Over the next 50 years, Tom Kimball becomes a Vietnam War hero and is eventually elected President of the United States. A year into his first term, he pushes for aggressive new pro-environmentalist legislation that angers the military-industrial complex headed by General Fleming, who holds a secret conference in Italy. There Fleming meets with the Red Skull and various other leaders of the shadow organization. Following the war, the Red Skull had extensive plastic surgery to partially alter his disfigured features, raised a hitwoman daughter, Valentina, and became the leader of a powerful crime family. In the 1960s, this same shadow organization hired the Red Skull and his thugs to murder various Americans who were against their militarism and Red Skull's fascism, such as Dr. Martin Luther King, Jr., President John F. Kennedy, and Robert Kennedy. The Red Skull does not approve Kimball's murder, pointing out how the organization also assassinated Elvis Presley which turned into public disbelief. Instead, Tadzio De Santis will organize Kimball's kidnapping and subsequent brainwashing.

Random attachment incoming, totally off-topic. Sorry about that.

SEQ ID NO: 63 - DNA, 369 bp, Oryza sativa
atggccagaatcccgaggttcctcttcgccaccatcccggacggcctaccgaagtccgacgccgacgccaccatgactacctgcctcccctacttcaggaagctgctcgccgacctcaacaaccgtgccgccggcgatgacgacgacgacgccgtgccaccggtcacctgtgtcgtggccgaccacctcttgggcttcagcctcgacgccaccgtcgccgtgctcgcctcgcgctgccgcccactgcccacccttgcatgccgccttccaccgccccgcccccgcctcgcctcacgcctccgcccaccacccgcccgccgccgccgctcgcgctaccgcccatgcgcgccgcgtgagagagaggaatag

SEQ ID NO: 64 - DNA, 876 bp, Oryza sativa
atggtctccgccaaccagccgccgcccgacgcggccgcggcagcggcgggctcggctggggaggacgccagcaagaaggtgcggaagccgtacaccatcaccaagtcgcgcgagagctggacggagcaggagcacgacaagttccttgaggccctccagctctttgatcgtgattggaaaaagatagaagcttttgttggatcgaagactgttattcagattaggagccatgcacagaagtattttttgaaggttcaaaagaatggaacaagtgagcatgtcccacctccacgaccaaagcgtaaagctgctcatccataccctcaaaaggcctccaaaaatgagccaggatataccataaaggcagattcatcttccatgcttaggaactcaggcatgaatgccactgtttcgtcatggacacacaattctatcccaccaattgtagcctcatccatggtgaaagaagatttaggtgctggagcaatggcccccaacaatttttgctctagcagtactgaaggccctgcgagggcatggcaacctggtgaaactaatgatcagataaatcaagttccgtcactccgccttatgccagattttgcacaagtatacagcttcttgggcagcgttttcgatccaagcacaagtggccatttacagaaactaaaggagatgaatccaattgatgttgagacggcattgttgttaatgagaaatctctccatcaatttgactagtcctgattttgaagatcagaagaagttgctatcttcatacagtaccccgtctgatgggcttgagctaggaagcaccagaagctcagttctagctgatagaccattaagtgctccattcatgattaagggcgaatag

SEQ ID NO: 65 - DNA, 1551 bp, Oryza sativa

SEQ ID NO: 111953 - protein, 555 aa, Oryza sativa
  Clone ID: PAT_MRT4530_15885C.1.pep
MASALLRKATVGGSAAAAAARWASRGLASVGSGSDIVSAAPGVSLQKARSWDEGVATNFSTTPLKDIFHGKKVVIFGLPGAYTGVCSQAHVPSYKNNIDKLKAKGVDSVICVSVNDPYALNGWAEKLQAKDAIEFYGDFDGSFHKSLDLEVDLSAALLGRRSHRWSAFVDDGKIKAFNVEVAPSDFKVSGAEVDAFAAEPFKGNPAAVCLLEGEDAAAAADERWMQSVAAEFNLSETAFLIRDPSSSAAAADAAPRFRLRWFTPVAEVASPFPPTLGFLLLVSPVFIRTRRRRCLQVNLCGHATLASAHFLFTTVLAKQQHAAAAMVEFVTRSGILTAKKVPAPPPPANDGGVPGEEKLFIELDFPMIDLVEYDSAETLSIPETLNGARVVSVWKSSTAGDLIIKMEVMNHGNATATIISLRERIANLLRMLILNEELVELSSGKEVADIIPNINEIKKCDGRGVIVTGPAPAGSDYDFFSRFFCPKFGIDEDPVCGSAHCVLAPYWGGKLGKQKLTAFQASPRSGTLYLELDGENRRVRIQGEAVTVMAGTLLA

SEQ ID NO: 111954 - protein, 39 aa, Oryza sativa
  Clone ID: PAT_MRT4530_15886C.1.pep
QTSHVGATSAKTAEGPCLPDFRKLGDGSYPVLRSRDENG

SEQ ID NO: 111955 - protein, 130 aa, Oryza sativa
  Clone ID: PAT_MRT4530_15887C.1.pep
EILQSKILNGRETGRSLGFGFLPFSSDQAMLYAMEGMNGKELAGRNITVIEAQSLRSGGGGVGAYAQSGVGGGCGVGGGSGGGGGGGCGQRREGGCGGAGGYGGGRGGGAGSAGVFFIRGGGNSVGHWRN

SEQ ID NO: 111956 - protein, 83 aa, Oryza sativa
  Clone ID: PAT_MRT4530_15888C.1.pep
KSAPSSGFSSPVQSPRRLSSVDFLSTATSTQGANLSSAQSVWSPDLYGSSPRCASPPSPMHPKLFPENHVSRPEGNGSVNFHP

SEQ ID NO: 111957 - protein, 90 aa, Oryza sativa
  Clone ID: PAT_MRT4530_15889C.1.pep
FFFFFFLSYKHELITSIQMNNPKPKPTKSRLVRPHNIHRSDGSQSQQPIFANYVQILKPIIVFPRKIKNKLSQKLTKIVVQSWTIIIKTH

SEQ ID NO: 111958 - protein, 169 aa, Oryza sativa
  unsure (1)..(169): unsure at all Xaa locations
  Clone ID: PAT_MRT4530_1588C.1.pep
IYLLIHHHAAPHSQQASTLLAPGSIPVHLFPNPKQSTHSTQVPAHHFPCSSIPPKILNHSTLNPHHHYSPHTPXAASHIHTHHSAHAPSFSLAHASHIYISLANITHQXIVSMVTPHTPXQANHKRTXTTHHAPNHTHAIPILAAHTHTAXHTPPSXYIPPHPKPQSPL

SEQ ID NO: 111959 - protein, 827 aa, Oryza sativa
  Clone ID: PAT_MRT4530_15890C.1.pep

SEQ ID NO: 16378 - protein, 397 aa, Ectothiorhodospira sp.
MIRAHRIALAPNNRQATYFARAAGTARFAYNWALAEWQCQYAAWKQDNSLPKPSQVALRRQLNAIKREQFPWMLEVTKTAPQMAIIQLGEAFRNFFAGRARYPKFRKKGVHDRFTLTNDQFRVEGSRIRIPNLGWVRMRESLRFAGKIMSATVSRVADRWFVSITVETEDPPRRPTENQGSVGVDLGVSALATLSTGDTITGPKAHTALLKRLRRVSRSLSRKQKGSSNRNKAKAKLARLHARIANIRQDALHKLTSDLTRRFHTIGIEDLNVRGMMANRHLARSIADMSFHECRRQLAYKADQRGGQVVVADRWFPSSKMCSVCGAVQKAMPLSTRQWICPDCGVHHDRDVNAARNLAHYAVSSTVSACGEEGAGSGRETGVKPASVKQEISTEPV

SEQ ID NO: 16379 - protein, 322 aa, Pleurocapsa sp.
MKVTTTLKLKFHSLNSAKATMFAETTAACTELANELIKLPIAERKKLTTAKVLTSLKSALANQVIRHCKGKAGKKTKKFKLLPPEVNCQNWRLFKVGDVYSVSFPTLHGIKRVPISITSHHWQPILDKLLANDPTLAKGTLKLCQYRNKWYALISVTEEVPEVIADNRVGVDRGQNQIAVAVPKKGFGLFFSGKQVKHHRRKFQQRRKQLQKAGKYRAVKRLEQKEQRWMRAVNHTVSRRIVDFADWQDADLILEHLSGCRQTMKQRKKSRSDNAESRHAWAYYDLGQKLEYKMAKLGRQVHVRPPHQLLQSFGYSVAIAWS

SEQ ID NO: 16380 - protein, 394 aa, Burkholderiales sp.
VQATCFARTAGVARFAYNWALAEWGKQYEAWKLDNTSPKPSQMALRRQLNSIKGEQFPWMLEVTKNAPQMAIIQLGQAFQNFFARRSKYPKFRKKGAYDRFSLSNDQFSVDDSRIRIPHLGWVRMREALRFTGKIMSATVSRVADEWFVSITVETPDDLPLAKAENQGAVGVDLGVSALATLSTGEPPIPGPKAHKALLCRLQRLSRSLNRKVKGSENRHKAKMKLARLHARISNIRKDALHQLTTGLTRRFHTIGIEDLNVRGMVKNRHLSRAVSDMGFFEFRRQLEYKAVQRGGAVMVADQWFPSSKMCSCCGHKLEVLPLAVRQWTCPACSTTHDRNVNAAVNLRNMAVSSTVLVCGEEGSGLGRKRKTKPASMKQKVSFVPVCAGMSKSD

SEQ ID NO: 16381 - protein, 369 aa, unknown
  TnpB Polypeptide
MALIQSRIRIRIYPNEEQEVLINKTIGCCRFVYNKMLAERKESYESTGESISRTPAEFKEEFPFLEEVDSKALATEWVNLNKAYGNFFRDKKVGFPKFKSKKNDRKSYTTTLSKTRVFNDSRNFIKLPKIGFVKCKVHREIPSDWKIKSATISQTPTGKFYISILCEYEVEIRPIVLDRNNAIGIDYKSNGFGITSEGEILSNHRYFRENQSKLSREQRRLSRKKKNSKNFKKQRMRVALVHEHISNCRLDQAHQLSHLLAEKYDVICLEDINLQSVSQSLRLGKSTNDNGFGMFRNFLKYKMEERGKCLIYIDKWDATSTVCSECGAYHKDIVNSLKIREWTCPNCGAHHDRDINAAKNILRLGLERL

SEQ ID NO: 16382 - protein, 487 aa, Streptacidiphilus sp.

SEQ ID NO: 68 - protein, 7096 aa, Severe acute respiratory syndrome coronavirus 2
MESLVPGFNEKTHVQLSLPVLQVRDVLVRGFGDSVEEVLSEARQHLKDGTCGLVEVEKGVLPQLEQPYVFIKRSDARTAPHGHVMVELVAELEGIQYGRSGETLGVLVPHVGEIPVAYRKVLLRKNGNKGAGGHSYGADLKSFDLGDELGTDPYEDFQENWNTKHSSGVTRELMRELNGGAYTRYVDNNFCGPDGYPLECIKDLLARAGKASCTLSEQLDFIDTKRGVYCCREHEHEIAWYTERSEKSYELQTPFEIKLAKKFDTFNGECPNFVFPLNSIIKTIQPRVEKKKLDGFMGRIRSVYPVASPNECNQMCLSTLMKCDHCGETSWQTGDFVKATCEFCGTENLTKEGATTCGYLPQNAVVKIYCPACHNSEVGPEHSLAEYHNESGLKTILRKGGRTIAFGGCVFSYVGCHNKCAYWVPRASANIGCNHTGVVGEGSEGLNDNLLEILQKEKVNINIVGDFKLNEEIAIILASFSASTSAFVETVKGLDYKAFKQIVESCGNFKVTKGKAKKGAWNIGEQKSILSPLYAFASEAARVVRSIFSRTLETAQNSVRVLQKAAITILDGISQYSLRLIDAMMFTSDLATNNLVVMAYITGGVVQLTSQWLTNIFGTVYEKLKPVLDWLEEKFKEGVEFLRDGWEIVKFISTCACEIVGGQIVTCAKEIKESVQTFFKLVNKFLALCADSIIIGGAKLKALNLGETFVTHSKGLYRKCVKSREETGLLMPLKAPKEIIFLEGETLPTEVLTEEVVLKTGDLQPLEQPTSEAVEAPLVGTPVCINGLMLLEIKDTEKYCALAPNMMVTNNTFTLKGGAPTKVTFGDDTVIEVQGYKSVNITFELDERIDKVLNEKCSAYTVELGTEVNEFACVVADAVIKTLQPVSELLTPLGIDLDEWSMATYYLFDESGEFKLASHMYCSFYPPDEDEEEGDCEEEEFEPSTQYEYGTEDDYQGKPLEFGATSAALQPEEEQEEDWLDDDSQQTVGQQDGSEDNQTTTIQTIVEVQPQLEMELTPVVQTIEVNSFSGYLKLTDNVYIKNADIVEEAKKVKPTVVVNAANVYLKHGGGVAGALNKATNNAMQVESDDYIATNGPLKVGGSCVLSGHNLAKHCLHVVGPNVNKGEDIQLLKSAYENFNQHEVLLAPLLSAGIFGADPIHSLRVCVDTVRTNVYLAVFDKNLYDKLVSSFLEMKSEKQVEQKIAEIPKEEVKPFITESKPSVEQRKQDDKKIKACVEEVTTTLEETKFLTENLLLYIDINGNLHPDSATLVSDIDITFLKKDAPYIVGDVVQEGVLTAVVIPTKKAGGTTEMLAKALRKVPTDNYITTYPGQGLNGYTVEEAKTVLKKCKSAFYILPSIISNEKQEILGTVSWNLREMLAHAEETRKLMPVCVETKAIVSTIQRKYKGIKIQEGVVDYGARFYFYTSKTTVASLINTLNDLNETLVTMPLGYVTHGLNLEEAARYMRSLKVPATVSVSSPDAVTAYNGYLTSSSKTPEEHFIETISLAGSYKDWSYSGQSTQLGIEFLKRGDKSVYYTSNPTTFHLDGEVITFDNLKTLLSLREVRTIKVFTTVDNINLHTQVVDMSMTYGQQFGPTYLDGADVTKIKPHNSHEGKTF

In Alaska, a team of researchers accidentally find Rogers' body frozen in a block of ice, and he awakens still thinking that it is the 1940s. His mysterious reappearance and escape make international headlines, alerting both Kimball and the Red Skull to the fact that their decades-old obsession is still alive. After escaping from some of the Red Skull's thugs, Rogers brushes off Sam Kolawetz, a reporter and childhood friend of President Kimball who has long hounded the Skull and his cartel, and hitchhikes his way back to his wartime girlfriend, Bernice, in Redondo Beach, California. While Bernice still lives at her old residence, she has long since married and raised her own daughter, Sharon, who gives Rogers a series of VHS history tapes to watch. Meanwhile, Red Skull's thugs, led by Valentina, break into Bernice's house and kill her during their efforts to find Rogers. While visiting Sharon's father in the hospital, Rogers and Sharon learn from the news that President Kimball has been kidnapped, and vow to rescue him from the Red Skull. Rogers and Sharon visit the secret underground base where he gained his superpowers to recover Vaselli's diary and learn the original name of Red Skull. They find the diary but are ambushed by Red Skull's thugs, who are defeated by Rogers. They travel to Italy and, in the Red Skull's childhood home, locate an old recording of the murder of his parents during a piano recital. Sharon gets kidnapped as a distraction to allow Rogers, who once again dons his costume, to enter the Red Skull's castle.